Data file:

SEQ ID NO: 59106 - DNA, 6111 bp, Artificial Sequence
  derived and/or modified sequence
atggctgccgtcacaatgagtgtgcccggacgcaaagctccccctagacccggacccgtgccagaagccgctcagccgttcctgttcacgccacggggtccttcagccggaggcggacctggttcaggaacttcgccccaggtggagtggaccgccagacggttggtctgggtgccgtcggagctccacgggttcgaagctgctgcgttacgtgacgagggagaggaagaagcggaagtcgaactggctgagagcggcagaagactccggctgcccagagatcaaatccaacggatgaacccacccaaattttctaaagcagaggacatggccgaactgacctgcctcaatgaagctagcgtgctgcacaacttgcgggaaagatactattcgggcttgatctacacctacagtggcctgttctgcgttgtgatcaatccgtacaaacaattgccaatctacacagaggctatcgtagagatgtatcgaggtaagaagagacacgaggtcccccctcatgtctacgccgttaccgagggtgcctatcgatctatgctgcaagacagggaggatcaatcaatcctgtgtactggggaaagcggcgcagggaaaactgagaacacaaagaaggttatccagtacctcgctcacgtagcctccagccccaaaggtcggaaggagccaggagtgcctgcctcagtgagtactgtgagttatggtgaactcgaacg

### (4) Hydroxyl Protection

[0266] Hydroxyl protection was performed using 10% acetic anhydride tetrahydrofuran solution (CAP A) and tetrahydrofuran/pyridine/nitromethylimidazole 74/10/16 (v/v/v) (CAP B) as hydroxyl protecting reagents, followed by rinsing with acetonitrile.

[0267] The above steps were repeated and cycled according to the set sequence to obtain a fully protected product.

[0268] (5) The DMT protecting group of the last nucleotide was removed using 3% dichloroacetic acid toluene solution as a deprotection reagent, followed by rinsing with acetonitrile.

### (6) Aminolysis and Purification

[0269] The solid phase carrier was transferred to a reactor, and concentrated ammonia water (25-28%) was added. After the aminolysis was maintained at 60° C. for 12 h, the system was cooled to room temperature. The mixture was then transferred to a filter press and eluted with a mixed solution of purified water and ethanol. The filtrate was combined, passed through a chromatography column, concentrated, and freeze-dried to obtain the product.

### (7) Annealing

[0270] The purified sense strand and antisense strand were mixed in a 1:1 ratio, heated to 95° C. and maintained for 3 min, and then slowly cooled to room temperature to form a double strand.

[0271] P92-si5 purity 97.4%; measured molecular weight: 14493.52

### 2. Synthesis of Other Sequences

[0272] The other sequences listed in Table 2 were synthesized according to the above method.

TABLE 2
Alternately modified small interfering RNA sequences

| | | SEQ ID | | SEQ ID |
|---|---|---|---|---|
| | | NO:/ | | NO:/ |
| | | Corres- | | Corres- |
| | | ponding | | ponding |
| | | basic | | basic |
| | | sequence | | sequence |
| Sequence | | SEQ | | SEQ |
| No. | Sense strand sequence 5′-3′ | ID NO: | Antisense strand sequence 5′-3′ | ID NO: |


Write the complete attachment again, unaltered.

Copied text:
SEQ ID NO: 59106 - DNA, 6111 bp, Artificial Sequence
  derived and/or modified sequence
atggctgccgtcacaatgagtgtgcccggacgcaaagctccccctagacccggacccgtgccagaagccgctcagccgttcctgttcacgccacggggtccttcagccggaggcggacctggttcaggaacttcgccccaggtggagtggaccgccagacggttggtctgggtgccgtcggagctccacgggttcgaagctgctgcgttacgtgacgagggagaggaagaagcggaagtcgaactggctgagagcggcagaagactccggctgcccagagatcaaatccaacggatgaacccacccaaattttctaaagcagaggacatggccgaactgacctgcctcaatgaagctagcgtgctgcacaacttgcgggaaagatactattcgggcttgatctacacctacagtggcctgttctgcgttgtgatcaatccgtacaaacaattgccaatctacacagaggctatcgtagagatgtatcgaggtaagaagagacacgaggtcccccctcatgtctacgccgttaccgagggtgcctatcgatctatgctgcaagacagggaggatcaatcaatcctgtgtactggggaaagcggcgcagggaaaactgagaacacaaagaaggttatccagtacctcgctcacgtagcctccagccccaaaggtcggaaggagccaggagtgcctgcctcagtgagtactgtgagttatggtgaactcgaacg

### (4) Hydroxyl Protection

[0266] Hydroxyl protection was performed using 10% acetic anhydride tetrahydrofuran solution (CAP A) and tetrahydrofuran/pyridine/nitromethylimidazole 74/10/16 (v/v/v) (CAP B) as hydroxyl protecting reagents, followed by rinsing with acetonitrile.

[0267] The above steps were repeated and cycled according to the set sequence to obtain a fully protected product.

[0268] (5) The DMT protecting group of the last nucleotide was removed using 3% dichloroacetic acid toluene solution as a deprotection reagent, followed by rinsing with acetonitrile.

### (6) Aminolysis and Purification

[0269] The solid phase carrier was transferred to a reactor, and concentrated ammonia water (25-28%) was added. After the aminolysis was maintained at 60° C. for 12 h, the system was cooled to room temperature. The mixture was then transferred to a filter press and eluted with a mixed solution of purified water and ethanol. The filtrate was combined, passed through a chromatography column, concentrated, and freeze-dried to obtain the product.

### (7) Annealing

[0270] The purified sense strand and antisense strand were mixed in a 1:1 ratio, heated to 95° C. and maintained for 3 min, and then slowly cooled to room temperature to form a double strand.

[0271] P92-si5 purity 97.4%; measured molecular weight: 14493.52

### 2. Synthesis of Other Sequences

[0272] The other sequences listed in Table 2 were synthesized according to the above method.

TABLE 2
Alternately modified small interfering RNA sequences

| | | SEQ ID | | SEQ ID |
|---|---|---|---|---|
| | | NO:/ | | NO:/ |
| | | Corres- | | Corres- |
| | | ponding | | ponding |
| | | basic | | basic |
| | | sequence | | sequence |
| Sequence | | SEQ | | SEQ |
| No. | Sense strand sequence 5′-3′ | ID NO: | Antisense strand sequence 5′-3′ | ID NO: |